Wednesday, August 3, 2011
This is the first meal from my cooking plan. Like enchiladas, tamales can be pretty time consuming. One overlooked benefit of the 30 meal plan is that you don't just save time by having the food prepared, you save time with kitchen clean up. With the Mexican spiced beef already prepared all I had to do was wrap and steam the tamales and make a side dish.
To make the tamales I soaked dried corn husks is hot water and added enough hot water to a few cups of corn masa to make a workable dough. When the husks were soft I tore one into strips to tie the tamales. Then, with a husk open I pressed 2 tablespoons of masa into a square on the widest upper quarter of the husk. Next, spoon the filling down the middle of the masa, roll over one turn to seal the meat in the masa, fold the narrow end of the husk up, roll the tamale to close and finish by tying is closed with a strip of husk. Once you have all the tamales rolled steam them for about an hour and a half.
To go with the tamales I made a simple confetti rice salad with cilantro lime dressing. It is just cold cooked rice with drained black beans, corn, diced peppers and chopped cilantro. The dressing is oil, lime, garlic, salt, and chili powder. Once a month cooking never looked so good!
Tuesday, August 2, 2011
Wait! Before you navigate away with a 'been there done that' attitude hear me out. I have learned a few things about this meal plan since I first tried it out in the early 90's and I want to share it with you.
First, this cooking plan works best if you give yourself permission to continue to make dinner when it suits you. Just because you have 30 meals in the freezer doesn't mean that is all you can serve your family for a month. Next, don't make more than 2 of any recipe. If you haven't made a lasagna in years then all of the sudden you are serving it every Thursday, your family will be confused and secretly hope that you will lose the recipe again. Don't try too many new recipes. There are a ton of recipes for this kind of meal plan but don't try to use this time for a mass experiment. As a kindness, offer your family some recognizable dishes. Also remember you don't need to live this way. Once a month cooking can be a great trick to pull out of your hat for times when you know you will be busy, a new baby, the start of the school year, canning or kidding season are a few times you might be glad dinner is in the freezer.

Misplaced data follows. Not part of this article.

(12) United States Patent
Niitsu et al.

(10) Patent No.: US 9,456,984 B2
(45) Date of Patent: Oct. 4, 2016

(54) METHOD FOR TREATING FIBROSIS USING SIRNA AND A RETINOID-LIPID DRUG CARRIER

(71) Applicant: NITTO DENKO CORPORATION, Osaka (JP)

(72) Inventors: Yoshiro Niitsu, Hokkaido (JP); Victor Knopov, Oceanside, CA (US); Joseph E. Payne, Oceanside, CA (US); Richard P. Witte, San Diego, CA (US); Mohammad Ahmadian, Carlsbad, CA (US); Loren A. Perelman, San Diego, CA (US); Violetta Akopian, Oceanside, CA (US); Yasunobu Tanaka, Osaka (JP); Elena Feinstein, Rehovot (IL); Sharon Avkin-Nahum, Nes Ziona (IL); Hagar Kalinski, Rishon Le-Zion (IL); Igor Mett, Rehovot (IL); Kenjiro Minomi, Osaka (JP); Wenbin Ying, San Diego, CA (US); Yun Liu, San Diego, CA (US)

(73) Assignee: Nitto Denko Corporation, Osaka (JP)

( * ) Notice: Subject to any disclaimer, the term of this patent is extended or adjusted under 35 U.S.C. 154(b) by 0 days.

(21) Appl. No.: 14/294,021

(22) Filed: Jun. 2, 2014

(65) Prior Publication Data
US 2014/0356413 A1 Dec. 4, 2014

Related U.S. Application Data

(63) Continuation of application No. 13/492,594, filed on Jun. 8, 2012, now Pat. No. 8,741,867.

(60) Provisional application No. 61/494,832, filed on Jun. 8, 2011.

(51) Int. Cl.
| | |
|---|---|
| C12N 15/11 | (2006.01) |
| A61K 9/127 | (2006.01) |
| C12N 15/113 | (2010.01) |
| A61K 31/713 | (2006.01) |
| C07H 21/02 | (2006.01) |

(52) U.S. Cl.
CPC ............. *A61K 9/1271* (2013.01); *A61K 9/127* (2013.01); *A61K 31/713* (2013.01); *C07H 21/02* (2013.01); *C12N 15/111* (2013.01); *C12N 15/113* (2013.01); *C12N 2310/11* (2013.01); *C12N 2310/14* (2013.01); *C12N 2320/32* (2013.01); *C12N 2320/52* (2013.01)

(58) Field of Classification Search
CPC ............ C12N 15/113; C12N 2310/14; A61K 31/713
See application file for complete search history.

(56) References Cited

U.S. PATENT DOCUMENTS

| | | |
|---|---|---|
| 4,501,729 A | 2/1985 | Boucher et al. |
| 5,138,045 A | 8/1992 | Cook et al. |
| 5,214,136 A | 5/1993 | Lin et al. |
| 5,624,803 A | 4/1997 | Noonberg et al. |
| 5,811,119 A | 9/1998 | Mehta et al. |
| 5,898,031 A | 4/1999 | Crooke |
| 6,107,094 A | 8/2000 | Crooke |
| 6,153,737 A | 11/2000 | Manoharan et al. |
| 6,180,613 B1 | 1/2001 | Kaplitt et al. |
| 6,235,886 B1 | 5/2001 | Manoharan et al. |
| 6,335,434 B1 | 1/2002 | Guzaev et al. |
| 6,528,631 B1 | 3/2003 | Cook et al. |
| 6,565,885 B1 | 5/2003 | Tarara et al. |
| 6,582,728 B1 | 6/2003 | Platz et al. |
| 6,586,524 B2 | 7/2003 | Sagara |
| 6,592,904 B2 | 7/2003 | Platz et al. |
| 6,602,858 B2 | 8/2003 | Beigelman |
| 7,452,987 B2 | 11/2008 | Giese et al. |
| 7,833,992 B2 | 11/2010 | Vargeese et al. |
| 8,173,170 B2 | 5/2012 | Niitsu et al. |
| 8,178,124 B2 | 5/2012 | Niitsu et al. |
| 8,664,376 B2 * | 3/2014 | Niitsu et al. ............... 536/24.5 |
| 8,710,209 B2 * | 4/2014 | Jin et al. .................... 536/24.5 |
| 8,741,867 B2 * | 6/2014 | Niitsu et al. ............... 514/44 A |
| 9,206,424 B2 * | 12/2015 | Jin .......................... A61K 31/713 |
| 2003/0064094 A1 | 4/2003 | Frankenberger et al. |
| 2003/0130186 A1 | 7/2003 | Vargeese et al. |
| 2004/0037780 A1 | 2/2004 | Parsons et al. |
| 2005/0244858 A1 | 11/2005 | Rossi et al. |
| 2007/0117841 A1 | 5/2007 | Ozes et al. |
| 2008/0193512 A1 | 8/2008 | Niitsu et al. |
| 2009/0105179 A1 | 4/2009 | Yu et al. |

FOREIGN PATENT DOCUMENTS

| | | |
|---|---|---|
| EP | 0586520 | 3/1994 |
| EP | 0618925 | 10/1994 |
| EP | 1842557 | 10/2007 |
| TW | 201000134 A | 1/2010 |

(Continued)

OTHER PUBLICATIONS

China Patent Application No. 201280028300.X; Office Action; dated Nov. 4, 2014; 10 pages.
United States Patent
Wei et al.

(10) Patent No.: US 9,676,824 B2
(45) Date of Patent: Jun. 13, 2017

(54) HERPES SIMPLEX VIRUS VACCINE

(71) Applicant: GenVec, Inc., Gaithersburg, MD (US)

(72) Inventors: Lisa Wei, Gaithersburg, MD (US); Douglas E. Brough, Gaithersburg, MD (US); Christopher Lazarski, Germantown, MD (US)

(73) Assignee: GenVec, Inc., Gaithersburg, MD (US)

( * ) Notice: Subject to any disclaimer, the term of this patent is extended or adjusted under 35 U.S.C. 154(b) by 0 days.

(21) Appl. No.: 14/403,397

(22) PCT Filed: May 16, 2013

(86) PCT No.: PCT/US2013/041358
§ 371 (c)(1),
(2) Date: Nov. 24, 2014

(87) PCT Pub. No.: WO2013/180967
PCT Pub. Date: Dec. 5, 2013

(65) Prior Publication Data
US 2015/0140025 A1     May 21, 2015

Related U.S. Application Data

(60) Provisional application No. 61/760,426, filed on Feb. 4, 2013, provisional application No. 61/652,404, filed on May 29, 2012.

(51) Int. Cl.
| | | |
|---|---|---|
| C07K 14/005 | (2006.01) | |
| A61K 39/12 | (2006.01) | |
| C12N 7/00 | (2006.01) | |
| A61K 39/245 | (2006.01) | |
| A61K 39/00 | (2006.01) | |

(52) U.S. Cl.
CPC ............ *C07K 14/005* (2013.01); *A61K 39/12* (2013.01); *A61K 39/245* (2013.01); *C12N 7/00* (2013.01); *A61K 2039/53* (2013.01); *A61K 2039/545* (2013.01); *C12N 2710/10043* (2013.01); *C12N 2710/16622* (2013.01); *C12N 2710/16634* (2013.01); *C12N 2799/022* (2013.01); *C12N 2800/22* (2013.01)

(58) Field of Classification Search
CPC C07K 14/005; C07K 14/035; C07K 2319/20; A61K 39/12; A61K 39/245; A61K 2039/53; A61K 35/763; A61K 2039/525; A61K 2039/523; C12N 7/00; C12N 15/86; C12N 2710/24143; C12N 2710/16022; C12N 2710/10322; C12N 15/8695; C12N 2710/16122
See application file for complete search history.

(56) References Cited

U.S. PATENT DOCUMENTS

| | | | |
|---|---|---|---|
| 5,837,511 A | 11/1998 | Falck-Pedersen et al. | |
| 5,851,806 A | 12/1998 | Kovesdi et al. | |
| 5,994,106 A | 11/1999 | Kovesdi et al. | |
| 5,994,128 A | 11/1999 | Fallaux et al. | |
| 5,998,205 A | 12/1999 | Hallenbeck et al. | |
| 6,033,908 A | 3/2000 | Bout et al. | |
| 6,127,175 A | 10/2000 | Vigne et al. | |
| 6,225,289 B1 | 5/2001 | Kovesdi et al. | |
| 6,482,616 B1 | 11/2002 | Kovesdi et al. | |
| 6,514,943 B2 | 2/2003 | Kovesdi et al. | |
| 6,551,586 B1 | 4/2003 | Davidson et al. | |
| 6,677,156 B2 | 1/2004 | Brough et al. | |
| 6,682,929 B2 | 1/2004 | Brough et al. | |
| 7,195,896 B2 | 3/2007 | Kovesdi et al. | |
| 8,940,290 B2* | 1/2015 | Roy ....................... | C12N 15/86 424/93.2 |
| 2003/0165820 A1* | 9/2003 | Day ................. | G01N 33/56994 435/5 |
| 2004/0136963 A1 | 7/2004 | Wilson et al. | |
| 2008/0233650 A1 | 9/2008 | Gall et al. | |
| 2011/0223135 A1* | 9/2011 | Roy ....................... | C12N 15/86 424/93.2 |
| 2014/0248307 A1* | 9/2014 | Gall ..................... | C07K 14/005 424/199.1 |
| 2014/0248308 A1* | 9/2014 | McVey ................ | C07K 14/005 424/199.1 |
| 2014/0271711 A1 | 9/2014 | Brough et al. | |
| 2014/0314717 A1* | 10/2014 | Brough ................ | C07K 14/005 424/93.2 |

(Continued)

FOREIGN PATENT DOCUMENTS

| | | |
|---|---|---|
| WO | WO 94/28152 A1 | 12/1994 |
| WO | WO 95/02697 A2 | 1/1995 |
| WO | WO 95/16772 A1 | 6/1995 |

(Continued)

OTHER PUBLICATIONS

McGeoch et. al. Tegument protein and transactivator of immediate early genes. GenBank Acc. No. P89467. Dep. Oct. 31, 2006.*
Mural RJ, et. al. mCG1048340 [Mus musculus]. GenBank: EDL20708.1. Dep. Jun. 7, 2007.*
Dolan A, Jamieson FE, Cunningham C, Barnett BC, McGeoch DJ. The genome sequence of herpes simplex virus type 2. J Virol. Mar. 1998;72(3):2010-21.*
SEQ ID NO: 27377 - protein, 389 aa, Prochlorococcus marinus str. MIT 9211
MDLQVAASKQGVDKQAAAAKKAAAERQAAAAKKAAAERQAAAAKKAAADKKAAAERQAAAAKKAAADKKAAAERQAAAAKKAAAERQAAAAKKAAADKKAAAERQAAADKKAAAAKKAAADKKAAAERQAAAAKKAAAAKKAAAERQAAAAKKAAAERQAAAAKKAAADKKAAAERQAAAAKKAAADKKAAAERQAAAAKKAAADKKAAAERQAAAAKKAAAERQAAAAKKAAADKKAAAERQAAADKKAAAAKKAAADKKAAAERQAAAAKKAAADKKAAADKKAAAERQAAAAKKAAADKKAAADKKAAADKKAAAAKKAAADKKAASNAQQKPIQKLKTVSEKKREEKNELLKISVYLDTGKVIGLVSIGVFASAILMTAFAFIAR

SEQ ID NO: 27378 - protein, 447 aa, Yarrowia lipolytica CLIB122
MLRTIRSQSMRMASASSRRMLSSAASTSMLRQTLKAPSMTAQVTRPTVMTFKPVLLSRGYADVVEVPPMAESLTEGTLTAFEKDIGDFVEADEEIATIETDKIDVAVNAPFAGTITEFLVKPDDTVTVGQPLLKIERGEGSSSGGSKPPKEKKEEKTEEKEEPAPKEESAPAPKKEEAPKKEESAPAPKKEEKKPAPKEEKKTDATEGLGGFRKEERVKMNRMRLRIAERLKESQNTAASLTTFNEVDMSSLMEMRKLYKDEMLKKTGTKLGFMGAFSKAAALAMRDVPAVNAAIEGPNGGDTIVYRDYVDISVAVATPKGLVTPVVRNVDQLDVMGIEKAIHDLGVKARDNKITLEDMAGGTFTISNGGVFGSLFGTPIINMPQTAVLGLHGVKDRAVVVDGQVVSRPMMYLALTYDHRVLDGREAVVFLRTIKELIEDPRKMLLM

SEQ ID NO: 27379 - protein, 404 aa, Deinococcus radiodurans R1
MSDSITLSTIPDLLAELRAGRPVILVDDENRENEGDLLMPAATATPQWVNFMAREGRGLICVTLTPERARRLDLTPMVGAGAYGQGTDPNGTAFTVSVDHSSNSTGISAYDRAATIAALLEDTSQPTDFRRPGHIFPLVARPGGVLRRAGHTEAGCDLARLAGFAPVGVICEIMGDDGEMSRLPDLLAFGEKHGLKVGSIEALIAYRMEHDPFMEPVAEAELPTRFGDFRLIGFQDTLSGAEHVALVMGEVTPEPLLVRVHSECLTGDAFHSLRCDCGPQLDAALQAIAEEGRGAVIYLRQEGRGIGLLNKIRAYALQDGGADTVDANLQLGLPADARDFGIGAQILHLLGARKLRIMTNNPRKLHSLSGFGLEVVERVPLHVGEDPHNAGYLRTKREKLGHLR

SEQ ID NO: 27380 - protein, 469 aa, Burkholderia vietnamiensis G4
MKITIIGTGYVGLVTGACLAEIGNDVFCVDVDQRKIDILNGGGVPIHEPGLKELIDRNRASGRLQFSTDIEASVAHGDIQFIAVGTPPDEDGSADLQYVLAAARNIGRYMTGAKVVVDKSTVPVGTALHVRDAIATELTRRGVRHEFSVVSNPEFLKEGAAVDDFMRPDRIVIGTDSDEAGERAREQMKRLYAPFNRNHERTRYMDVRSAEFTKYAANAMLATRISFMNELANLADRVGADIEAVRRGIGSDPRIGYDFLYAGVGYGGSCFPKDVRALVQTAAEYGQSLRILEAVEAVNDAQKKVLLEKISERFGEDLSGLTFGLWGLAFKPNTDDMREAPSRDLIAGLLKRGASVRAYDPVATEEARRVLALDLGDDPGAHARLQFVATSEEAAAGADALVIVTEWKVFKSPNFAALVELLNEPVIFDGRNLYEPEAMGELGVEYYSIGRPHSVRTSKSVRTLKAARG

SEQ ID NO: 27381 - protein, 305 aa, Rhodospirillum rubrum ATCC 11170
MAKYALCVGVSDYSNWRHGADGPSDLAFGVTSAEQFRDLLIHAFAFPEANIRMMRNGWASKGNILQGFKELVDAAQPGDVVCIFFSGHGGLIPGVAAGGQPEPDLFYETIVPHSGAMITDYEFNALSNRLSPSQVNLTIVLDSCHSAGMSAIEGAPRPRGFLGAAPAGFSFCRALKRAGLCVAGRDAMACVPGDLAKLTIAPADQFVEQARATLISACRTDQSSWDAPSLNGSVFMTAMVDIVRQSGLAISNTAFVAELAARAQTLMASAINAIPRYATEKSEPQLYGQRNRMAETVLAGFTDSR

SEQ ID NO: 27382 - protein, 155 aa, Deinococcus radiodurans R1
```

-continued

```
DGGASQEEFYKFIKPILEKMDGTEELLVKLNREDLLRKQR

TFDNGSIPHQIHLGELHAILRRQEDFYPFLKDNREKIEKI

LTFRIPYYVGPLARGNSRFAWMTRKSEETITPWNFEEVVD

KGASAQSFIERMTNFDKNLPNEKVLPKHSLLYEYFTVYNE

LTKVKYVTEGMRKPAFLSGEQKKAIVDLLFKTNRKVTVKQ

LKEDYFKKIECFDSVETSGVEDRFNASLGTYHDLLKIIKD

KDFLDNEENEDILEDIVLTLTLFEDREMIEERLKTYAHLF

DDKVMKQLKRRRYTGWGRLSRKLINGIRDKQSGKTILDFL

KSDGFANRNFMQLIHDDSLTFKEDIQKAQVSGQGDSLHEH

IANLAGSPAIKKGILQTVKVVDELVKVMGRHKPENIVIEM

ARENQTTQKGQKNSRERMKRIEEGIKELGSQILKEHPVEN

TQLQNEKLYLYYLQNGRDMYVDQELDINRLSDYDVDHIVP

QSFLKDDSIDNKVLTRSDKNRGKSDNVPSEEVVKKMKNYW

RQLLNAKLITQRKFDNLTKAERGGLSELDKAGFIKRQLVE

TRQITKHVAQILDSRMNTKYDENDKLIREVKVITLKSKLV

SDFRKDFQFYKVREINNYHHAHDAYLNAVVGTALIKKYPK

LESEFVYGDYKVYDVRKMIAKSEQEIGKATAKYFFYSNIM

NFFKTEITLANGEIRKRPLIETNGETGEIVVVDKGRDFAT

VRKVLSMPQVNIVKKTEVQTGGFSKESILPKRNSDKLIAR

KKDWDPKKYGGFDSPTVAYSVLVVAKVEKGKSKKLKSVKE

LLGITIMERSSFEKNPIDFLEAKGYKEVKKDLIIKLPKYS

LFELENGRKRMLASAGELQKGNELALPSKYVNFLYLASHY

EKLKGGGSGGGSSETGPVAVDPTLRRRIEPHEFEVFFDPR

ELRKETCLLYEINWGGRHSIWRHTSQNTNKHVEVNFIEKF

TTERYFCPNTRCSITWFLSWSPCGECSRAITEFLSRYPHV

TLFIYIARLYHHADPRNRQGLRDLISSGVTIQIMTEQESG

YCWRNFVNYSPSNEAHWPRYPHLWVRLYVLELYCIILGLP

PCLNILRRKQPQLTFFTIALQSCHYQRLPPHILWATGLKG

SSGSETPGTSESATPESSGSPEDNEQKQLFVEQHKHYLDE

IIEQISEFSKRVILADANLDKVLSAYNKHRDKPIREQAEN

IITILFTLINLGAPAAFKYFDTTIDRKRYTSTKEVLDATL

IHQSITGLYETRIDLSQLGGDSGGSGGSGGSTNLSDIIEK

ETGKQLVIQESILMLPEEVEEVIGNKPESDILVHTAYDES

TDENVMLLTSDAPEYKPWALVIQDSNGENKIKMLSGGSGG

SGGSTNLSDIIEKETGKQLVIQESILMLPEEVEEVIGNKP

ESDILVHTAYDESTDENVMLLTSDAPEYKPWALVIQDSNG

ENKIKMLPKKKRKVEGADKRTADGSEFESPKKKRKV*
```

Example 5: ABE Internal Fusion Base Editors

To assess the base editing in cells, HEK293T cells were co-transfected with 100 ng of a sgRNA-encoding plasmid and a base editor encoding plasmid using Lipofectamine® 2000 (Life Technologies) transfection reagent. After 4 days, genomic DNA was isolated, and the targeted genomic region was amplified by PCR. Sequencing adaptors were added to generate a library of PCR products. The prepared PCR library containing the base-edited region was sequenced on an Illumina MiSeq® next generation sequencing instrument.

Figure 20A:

I got home from shopping at 2:30 and by 6:00 I had prepared 26 meals for $117! This included the cost of the meat since my fall beef and chickens aren't ready for the freezer yet.
9 Chicken entrees (9 meals)
8 lbs Mexican Beef (8 meals)
5lbs Meat Balls (5 meals)
Pizza (4 meals)
For the Mexican Beef I put 8 pounds of ground beef in the crock pot on high with chopped onion and garlic and let it cook while I put the meatballs together. Some ideas for beef recipes can be found on Menus4moms The chicken entrees were of the Dump Chicken variety, super easy. If you are using whole fryers from the freezer just put them, a few at a time, into a stock pot of cold water. Fryers are easier to cut while they are mostly frozen if you have a very sharp knife. Once the chicken was in the freezer I drained the cooked beef from the crock pot and added the tomatoes and seasonings. I didn't premake the pizza I just put the pepperoni and Canadian bacon in the freezer.